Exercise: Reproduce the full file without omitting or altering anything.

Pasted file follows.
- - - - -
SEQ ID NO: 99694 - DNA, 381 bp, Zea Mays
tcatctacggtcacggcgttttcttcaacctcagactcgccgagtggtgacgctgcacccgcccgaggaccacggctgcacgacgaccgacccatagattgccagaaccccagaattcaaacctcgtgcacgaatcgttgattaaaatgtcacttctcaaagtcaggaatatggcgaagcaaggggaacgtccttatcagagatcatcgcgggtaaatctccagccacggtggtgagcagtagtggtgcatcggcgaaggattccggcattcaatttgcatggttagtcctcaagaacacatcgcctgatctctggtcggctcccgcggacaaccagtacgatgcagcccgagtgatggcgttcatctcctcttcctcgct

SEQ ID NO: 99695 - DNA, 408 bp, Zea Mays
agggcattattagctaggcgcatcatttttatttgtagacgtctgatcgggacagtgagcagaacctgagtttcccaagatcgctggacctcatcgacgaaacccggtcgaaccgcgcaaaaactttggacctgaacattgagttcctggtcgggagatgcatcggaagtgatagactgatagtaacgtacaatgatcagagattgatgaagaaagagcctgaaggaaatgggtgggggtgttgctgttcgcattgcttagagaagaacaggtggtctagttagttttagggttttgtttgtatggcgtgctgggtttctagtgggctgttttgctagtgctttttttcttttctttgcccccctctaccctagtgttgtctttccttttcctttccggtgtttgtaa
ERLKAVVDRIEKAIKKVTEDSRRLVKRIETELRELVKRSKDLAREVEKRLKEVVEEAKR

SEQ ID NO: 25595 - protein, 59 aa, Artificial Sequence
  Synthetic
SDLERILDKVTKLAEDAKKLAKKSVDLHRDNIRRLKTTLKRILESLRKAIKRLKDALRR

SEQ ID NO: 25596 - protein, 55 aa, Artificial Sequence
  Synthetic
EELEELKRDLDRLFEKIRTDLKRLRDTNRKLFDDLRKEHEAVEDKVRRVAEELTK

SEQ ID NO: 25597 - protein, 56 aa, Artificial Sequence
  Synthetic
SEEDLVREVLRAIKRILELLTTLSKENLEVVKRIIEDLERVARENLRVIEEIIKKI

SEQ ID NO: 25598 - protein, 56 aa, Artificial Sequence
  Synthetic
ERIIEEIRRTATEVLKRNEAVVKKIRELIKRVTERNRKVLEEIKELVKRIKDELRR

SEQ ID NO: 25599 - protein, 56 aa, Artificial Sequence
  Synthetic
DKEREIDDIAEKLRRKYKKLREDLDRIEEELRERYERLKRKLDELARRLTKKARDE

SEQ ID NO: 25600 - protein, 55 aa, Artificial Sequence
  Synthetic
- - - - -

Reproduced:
SEQ ID NO: 99694 - DNA, 381 bp, Zea Mays
tcatctacggtcacggcgttttcttcaacctcagactcgccgagtggtgacgctgcacccgcccgaggaccacggctgcacgacgaccgacccatagattgccagaaccccagaattcaaacctcgtgcacgaatcgttgattaaaatgtcacttctcaaagtcaggaatatggcgaagcaaggggaacgtccttatcagagatcatcgcgggtaaatctccagccacggtggtgagcagtagtggtgcatcggcgaaggattccggcattcaatttgcatggttagtcctcaagaacacatcgcctgatctctggtcggctcccgcggacaaccagtacgatgcagcccgagtgatggcgttcatctcctcttcctcgct

SEQ ID NO: 99695 - DNA, 408 bp, Zea Mays
agggcattattagctaggcgcatcatttttatttgtagacgtctgatcgggacagtgagcagaacctgagtttcccaagatcgctggacctcatcgacgaaacccggtcgaaccgcgcaaaaactttggacctgaacattgagttcctggtcgggagatgcatcggaagtgatagactgatagtaacgtacaatgatcagagattgatgaagaaagagcctgaaggaaatgggtgggggtgttgctgttcgcattgcttagagaagaacaggtggtctagttagttttagggttttgtttgtatggcgtgctgggtttctagtgggctgttttgctagtgctttttttcttttctttgcccccctctaccctagtgttgtctttccttttcctttccggtgtttgtaa
ERLKAVVDRIEKAIKKVTEDSRRLVKRIETELRELVKRSKDLAREVEKRLKEVVEEAKR

SEQ ID NO: 25595 - protein, 59 aa, Artificial Sequence
  Synthetic
SDLERILDKVTKLAEDAKKLAKKSVDLHRDNIRRLKTTLKRILESLRKAIKRLKDALRR

SEQ ID NO: 25596 - protein, 55 aa, Artificial Sequence
  Synthetic
EELEELKRDLDRLFEKIRTDLKRLRDTNRKLFDDLRKEHEAVEDKVRRVAEELTK

SEQ ID NO: 25597 - protein, 56 aa, Artificial Sequence
  Synthetic
SEEDLVREVLRAIKRILELLTTLSKENLEVVKRIIEDLERVARENLRVIEEIIKKI

SEQ ID NO: 25598 - protein, 56 aa, Artificial Sequence
  Synthetic
ERIIEEIRRTATEVLKRNEAVVKKIRELIKRVTERNRKVLEEIKELVKRIKDELRR

SEQ ID NO: 25599 - protein, 56 aa, Artificial Sequence
  Synthetic
DKEREIDDIAEKLRRKYKKLREDLDRIEEELRERYERLKRKLDELARRLTKKARDE

SEQ ID NO: 25600 - protein, 55 aa, Artificial Sequence
  Synthetic